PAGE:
How do I cut a stone with different colors on different axis’s?
This is a difficult question to answer definitively, but the rule of thunb is cut for the best color when you can. Naturally most of the time the best color is the narrow direction of the rough. So what do you do?
Well the first thing, of course is to try not to buy this type of rough. Unless it’s cheap and you want to play around. This is the easiest solution, but like everyone else you will still manage to acquire some of this rough.
You will see a lot of this type of rough for sale by the way. Guess why? Right, this rough is usually less desirable and often sold by dealers (who are usually perfectly aware of this) to people that are unaware of the problems. Buyers beware… There is nothing wrong with this (all is fair in love and faceting…), you just need to be smart enough to know what is happening and either not buy this type of rough or buy it cheap knowing that you will need to work around the problems.
In other words, the top material is very often cut in the dealers gemstone case, and what they judged to be lower quality in a cut stone is sold rough. This is not always the case, but it often is, especially in the cheaper rough categories. Remember it is human nature, the dealer wants to make the most money they can and the better stones bring more money and are naturally easier to sell when cut. After all they are in business to make money. You should not hold it against them, it is just business.
The second thing to be aware of is… Are the colors of the two axis’s complementary? If you do not know or are not sure what I mean by this here is an article about them.
If the colors are not complimentary, you do not usually want the rough. Here are a couple of other articles that you should read.
At left is “Samurai” in green Tourmaline – 7.3mm x 8.4mm x 5 deep cut by Jeff R. Graham Notice the color of the Tourmaline (left), it is a very nice Kelly green with some blue/green and yellow/green color. This is a very bright stone and actually came out better than a lot of people might expect, if they were just looking at the olive color on the “c” axis. This stone, because of the shape of the rough, had to be cut on the “c” axis which was the less desirable color axis. But because the a/b axis was a very nice blue/green, I knew this would actually cut a nice green stone when the colors mixed.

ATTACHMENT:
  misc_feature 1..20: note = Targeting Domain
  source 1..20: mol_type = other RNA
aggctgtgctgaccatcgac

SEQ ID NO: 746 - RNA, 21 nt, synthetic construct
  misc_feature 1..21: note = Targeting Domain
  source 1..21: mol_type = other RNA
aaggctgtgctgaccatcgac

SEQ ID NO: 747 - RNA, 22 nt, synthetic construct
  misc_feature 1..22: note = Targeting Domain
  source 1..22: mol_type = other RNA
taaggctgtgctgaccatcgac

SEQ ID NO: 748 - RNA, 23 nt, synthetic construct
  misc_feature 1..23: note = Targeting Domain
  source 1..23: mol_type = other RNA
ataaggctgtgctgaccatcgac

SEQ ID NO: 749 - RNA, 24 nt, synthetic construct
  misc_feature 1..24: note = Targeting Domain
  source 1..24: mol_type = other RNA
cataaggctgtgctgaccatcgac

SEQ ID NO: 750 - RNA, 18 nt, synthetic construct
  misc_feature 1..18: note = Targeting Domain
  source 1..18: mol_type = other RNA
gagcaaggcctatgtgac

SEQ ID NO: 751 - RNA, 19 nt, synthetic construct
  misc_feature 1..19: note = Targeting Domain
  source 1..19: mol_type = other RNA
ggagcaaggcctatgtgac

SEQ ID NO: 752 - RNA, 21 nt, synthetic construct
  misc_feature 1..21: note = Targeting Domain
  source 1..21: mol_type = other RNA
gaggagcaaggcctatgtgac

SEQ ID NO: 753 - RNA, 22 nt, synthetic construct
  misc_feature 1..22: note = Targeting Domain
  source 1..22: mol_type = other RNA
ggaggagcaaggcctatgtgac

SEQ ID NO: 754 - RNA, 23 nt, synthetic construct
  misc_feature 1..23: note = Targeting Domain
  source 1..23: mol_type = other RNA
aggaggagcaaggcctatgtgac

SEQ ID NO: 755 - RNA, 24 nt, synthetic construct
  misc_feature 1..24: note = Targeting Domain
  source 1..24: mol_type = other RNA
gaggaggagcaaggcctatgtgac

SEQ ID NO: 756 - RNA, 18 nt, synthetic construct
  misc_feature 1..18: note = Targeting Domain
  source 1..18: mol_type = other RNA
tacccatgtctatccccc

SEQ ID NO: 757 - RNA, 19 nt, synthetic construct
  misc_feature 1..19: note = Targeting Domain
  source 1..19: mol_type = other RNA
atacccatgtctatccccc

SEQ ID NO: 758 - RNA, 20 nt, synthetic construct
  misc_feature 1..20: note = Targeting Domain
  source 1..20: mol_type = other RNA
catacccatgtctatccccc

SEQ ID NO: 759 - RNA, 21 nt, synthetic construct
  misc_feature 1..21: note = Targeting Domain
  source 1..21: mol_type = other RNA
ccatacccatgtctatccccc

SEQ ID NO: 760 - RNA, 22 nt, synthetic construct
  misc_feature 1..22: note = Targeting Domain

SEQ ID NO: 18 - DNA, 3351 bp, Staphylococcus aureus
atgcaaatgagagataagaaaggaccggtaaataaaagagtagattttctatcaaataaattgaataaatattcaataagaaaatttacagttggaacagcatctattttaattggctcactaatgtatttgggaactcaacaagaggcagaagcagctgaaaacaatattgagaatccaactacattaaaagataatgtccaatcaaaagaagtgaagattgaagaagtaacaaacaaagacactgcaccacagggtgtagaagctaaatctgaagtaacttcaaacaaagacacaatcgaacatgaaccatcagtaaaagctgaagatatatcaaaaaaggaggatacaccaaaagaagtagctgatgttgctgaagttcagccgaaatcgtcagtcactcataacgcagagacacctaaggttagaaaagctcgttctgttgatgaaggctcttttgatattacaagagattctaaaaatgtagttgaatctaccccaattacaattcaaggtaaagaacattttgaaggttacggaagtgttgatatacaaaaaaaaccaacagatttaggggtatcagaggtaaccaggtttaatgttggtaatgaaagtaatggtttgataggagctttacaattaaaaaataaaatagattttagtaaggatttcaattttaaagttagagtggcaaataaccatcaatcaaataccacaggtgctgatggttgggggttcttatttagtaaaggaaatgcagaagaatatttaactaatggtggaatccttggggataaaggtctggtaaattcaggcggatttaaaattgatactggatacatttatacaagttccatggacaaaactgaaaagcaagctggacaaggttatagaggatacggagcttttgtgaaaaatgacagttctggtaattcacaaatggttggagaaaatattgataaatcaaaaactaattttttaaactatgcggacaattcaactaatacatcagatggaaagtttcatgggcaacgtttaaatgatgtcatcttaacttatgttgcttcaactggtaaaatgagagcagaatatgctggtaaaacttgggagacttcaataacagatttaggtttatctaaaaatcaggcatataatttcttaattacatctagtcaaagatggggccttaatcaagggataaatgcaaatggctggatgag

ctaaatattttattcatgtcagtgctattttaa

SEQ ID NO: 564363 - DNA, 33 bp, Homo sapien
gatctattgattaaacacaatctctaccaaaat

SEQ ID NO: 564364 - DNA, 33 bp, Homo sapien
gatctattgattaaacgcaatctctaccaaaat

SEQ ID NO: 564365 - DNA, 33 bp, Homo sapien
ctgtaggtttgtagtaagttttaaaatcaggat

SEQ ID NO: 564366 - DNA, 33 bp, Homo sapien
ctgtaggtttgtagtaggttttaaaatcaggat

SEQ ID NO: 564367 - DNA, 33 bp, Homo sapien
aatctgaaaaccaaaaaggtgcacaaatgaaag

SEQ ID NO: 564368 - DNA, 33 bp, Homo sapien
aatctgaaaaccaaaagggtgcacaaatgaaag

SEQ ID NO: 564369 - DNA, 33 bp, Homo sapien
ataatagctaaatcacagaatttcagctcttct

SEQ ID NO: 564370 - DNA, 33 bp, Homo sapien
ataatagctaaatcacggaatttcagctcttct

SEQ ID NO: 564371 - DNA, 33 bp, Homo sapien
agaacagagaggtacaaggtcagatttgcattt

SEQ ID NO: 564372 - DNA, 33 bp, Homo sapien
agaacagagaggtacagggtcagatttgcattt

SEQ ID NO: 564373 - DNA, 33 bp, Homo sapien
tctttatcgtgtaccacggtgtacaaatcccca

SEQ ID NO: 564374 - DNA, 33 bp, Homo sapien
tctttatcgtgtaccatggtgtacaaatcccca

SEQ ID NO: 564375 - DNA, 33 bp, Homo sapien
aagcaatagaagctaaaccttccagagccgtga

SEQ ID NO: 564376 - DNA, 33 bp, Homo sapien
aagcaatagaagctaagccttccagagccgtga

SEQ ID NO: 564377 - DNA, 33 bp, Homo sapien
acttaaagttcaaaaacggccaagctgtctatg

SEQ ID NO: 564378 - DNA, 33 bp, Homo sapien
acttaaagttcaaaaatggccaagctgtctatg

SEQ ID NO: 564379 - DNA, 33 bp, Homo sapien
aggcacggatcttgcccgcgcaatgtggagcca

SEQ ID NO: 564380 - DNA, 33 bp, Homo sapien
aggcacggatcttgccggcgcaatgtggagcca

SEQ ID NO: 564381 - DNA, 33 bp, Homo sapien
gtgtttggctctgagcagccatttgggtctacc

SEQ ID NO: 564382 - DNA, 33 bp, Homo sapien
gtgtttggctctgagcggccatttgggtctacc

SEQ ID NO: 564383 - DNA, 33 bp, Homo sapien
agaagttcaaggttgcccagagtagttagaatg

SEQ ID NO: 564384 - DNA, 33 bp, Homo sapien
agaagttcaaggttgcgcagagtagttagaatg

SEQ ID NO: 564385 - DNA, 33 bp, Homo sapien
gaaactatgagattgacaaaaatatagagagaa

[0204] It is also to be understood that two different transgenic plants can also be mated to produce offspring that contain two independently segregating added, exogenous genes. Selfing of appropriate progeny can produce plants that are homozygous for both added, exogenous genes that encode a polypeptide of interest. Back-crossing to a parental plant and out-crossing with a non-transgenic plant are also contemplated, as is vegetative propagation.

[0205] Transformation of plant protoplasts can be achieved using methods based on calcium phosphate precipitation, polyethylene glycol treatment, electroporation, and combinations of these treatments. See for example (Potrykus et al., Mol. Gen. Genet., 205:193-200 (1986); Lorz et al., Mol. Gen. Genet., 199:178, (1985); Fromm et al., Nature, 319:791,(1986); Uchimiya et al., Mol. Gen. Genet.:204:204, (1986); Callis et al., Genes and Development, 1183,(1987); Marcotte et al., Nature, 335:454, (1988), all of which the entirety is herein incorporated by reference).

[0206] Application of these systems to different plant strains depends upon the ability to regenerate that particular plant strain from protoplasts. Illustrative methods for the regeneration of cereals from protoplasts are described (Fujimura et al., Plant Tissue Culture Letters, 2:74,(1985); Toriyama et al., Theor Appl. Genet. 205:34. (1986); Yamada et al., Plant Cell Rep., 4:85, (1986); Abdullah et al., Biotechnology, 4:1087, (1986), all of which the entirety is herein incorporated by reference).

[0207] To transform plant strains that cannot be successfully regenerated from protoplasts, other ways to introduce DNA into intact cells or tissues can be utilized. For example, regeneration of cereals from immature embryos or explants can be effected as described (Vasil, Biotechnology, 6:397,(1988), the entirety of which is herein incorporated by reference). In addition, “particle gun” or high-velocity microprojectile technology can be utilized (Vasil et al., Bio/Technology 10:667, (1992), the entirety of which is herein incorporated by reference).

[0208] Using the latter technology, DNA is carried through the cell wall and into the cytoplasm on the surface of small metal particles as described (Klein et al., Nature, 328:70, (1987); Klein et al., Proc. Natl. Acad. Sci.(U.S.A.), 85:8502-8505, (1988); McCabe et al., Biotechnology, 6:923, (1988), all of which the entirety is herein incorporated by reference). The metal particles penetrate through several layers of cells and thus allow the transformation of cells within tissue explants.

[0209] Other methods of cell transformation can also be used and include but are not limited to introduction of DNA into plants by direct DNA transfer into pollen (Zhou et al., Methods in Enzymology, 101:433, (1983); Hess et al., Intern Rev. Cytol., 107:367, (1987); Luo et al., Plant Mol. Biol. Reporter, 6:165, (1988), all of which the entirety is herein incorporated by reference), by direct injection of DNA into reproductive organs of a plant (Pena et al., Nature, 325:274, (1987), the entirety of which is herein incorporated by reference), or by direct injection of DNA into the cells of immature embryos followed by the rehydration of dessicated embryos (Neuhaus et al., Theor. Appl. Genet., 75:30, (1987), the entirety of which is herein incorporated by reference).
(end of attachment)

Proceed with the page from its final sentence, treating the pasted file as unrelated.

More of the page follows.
Notice the color of the Tourmaline (left) on the “c” axis, it is a darker yellow/green with some olive color in it. Not a color that I would generally consider buying and cutting. Because olive and especially yellow/olive/green stones are generally lower end color and just hard to sell. These colors are often not particularly bright in a finished stone either. But… on the other axis there was good color.
Notice the color of the Tourmaline (left), it is a very pretty blue/green. Too bad this rough was not wide enough to cut on this axis. This of course, is the best color and the color I would normally cut for. Even if I have to sacrifice some finished weight, blue/green is worth a lot more.
On this piece of rough I did not have a choice, the yield was on the “c” yellow/olive axis. Also notice that the a/b axis has a pretty large flaw (it was actually 3 flaws when I cut into them).
Note: I end up cutting a lot of this type of flawed material myself. I cannot sell it rough.
As you can see in the picture of the finished stone the colors mixed nicely and created a high end gemstone. In general the color that you cut for (looking through the table) will be the dominant color of the finished gemstone. But when you are dealing with complimentary colors, the color on the girdle axis (whatever it might be depending on the stone) will often influence the color of the finished stone substantially. I would say that it will usually end up 70/30 to 60/40 (70 and 60 being the color through the table), in a standard brilliant design.
Remember that there are other factors that will influence the out come, sometimes substantially. The main one is the design that you choose to cut the stone in. Choosing designs for rough, especially problem rough, is almost an art form… and I will cover that subject in another article.